Poll: Area Residents Anti-Everything -- Almost
Posted October 25, 2006
RALEIGH, N.C. — President George W. Bush, Congress, the North Carolina General Assembly, Wake County Schools, paying highway tolls, tax increases to fund infrastructure improvements.
Triangle-area residents don't like any of them, according to a new WRAL/News & Observer poll. They do like Durham County District Attorney Mike Nifong and their local representatives in Washington, D.C., however.
The poll was conducted by Research 2000 of Rockville, Md., which randomly interviewed 1,800 adults in Wake, Durham and Orange counties between Oct. 16 and Oct. 19. The results have a margin of error of plus or minus 4 percent.
About two-thirds of respondents expressed dissatisfaction with the direction of the country, while about only half said the Triangle was headed in the right direction. Unchecked growth and traffic congestion were listed as the main problems facing the Triangle.
Bush's approval rating locally is less than 30 percent, but he fares better than Congress, which has an approval rating of about 20 percent among area residents. The General Assembly received a rating similar to Bush's.
When residents were asked about the performance of their individual congressional representative, however, the approval rating jumped to about 50 percent. State legislators didn't fare as well, with approval ratings in the mid-30 percent range.
On a series of questions about mass transit in the region, there was some skepticism about the need for it at all. A commuter rail system got the most support at about 40 percent of respondents, but another 20 percent said the Triangle doesn't need mass transit.
The state Turnpike Authority also got some bad news: Local residents intensely dislike the idea of paying highway tolls. Less than 10 percent of residents prefer toll roads as a means of financing highway improvements, according to the poll.
The Turnpike Authority is looking to create the state's first toll roads in western Wake County.
About a third of respondents preferred paying a higher tax on gasoline in order to fund highway improvements, while about 20 percent said the money should come from the federal government.
Individual County Results
The 600 respondents from Wake County were asked a series of questions about Wake County Schools and the proposed $970 million school construction bond issue on the Nov. 7 ballot.
Most residents rated the district "good" or "fair," but 44 percent said local schools are headed in the wrong direction.
More than 50 percent of residents favor converting as many schools to year-round calendars as possible to avoid tax increases.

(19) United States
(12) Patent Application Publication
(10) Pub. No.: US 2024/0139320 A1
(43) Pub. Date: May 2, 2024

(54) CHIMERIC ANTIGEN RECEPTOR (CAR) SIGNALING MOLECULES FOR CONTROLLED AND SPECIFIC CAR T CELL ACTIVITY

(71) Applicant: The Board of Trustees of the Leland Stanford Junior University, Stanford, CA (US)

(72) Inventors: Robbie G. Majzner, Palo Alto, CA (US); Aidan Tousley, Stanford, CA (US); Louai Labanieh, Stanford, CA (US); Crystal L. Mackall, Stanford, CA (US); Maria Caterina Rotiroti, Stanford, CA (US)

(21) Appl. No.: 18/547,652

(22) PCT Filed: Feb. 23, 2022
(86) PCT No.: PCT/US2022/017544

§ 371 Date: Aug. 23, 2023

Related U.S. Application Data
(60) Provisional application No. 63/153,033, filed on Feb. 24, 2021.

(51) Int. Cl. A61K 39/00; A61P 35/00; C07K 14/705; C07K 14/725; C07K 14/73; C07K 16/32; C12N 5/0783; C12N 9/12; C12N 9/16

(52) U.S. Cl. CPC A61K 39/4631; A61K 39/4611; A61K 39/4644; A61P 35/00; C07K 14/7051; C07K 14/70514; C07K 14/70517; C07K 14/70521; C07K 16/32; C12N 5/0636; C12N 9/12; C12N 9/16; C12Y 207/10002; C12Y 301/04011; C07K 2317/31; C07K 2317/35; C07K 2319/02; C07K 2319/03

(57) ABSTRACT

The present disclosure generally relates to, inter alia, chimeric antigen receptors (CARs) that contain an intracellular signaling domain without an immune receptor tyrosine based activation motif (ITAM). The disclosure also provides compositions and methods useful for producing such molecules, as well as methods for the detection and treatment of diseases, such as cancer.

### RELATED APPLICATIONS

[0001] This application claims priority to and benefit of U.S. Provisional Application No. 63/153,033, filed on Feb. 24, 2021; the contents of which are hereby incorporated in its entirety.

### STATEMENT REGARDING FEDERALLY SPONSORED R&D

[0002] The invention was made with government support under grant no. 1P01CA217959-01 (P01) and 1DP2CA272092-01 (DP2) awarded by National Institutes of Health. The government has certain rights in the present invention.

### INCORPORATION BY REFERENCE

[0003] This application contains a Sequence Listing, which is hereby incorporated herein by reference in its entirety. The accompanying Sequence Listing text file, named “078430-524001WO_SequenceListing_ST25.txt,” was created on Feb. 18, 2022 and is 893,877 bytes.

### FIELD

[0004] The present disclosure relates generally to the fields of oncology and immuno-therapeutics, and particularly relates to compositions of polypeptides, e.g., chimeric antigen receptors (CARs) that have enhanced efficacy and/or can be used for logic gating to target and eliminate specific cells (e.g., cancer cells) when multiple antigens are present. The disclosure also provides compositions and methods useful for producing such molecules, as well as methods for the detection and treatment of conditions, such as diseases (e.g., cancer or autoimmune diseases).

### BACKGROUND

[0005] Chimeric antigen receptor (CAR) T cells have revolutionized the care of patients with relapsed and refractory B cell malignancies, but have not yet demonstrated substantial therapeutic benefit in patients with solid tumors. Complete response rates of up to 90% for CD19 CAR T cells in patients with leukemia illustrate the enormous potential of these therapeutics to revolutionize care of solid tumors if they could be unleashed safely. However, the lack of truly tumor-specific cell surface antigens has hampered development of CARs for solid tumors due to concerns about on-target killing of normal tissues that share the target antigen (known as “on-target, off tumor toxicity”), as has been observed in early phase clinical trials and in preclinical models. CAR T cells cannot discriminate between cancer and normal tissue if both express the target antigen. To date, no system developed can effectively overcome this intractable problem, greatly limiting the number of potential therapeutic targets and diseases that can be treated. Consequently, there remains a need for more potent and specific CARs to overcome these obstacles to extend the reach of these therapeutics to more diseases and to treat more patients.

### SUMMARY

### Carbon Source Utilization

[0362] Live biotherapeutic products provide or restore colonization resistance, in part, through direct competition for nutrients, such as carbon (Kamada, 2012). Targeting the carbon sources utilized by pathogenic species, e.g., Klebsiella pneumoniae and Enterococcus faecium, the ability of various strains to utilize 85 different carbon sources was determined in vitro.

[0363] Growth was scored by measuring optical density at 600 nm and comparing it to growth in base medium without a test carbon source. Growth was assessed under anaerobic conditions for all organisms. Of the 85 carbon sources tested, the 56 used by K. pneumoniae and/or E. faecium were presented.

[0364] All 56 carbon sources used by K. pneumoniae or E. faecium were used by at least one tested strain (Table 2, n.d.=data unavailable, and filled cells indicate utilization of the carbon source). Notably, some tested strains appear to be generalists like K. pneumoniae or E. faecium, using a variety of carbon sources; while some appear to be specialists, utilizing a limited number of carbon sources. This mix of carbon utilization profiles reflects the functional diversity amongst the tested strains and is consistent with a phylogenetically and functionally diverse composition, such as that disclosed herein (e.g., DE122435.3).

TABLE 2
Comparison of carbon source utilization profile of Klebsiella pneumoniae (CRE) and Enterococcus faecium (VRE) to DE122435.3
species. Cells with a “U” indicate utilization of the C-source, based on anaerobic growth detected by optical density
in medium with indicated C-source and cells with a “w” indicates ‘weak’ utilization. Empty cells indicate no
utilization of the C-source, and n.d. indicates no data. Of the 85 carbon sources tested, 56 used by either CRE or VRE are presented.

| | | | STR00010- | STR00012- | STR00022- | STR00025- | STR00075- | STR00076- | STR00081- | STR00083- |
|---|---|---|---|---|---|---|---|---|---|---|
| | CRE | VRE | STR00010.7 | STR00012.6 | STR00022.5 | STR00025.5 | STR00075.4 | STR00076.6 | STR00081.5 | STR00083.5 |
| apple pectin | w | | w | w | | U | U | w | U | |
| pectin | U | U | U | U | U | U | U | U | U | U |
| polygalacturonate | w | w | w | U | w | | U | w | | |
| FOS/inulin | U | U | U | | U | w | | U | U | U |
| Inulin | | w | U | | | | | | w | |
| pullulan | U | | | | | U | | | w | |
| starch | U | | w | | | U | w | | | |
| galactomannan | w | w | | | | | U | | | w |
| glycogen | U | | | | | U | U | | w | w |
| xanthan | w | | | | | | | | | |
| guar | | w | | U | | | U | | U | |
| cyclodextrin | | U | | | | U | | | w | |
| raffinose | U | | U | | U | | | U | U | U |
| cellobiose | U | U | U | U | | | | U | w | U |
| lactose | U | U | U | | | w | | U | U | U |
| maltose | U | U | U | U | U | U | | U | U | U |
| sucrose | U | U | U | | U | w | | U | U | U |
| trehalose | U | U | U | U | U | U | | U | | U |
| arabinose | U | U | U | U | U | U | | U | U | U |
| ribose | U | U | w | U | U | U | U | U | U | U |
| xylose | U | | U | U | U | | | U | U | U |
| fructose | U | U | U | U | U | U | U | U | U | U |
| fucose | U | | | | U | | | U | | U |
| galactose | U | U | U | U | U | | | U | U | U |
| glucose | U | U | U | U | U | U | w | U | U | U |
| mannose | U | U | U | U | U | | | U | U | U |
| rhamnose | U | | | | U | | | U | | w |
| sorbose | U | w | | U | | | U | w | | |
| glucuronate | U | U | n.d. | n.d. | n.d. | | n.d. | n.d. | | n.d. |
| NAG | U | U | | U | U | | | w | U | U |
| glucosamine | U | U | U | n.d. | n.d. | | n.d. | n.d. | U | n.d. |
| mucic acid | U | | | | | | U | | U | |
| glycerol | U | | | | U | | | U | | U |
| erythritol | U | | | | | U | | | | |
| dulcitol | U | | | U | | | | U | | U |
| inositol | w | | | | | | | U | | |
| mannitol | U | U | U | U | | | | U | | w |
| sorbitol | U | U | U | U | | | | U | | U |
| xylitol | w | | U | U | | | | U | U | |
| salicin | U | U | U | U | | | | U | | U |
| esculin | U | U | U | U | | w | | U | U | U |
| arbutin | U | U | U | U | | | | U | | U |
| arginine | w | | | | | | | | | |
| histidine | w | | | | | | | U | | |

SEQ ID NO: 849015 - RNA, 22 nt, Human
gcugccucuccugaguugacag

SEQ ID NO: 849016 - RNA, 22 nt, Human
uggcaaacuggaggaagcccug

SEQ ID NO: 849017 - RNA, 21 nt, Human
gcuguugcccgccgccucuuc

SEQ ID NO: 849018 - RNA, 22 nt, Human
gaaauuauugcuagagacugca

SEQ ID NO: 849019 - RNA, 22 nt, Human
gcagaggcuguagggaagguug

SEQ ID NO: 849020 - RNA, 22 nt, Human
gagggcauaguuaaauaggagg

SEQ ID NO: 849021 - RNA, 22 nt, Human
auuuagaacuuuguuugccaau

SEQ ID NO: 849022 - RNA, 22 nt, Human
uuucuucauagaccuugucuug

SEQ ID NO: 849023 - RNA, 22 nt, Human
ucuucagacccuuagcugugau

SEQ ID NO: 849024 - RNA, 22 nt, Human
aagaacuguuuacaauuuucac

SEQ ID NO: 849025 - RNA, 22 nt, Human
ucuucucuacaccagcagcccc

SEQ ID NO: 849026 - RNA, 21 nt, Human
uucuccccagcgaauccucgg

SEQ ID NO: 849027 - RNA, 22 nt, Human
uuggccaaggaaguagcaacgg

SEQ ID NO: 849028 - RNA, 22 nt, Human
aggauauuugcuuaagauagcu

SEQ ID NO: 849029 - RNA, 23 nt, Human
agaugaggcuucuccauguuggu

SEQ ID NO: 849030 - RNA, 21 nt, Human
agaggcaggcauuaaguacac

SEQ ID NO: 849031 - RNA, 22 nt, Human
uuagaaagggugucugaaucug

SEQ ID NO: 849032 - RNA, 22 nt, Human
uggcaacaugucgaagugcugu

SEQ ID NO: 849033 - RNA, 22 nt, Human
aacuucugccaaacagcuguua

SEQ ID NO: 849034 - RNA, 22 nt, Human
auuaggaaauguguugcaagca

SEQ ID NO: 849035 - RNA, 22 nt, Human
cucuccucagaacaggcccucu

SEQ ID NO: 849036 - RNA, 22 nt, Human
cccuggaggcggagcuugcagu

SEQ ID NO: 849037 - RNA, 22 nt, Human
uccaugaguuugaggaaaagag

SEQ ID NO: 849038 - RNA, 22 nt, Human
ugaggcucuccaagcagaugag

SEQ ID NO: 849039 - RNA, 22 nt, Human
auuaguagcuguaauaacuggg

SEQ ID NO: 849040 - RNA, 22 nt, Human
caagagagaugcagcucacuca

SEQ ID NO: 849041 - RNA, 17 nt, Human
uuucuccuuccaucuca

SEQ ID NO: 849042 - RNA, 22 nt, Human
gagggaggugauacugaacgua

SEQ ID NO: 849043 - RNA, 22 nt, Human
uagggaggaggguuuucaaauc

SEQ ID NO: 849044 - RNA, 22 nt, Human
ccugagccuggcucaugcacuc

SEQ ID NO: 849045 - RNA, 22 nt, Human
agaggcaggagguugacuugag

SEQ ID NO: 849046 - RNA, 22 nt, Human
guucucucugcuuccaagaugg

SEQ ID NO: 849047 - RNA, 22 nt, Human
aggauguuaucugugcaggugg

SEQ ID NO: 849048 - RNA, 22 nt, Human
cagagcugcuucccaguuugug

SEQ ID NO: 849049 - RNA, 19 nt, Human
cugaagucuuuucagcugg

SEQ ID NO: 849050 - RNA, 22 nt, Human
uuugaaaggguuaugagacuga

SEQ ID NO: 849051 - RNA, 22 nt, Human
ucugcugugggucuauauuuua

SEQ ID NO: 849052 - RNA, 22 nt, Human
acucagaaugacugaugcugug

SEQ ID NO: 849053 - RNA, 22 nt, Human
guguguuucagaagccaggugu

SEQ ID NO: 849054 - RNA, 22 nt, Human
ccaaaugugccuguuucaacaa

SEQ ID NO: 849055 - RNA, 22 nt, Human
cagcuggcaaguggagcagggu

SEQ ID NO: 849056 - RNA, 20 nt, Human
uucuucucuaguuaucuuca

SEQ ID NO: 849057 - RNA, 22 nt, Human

Some parents vehemently opposed a recent school board decision to convert 19 elementary schools and three middle schools to year-round schedules to accommodate growing enrollments across the county.
While the school bond issue received an unfavorable response in the poll, so did other means of financing school construction. A majority of those surveyed are against implementing an impact fee on new development and a real-estate transfer tax, and almost half said they don't like the idea of a sales tax increase to pay for new schools.
The 600 Durham County residents were asked questions about the district attorney race and the fallout from the rape investigation involving members of the Duke University lacrosse team.
Despite being sharply criticized for his handling of the Duke case, Nifong would be the clear winner among voters if the election were held now. Forty-six percent of those polled said they would vote for him, compared with 28 percent for Durham County Commissioner Lewis Cheek and 2 percent for write-in candidate Steve Monks.
Cheek, who is on the ballot as an independent, isn't campaigning for the DA job and said he wouldn't accept it if he won.
Meanwhile, the Duke case has made almost half of Durham residents feel worse about the town-gown relationship. The responses also reflected a sharp contrast in opinion about the racially charged case.
Forty-three percent of whites polled said the case had no impact on their feelings about the relationship between Durham and Duke, while 67 percent of blacks and 62 percent of Hispanics said the case left them feeling worse about it.
In Orange County, the 600 respondents were asked whether they support a referendum to expand the county Board of Commissioners and hold primary elections in residential districts. Fifty-six percent said they were opposed to the move.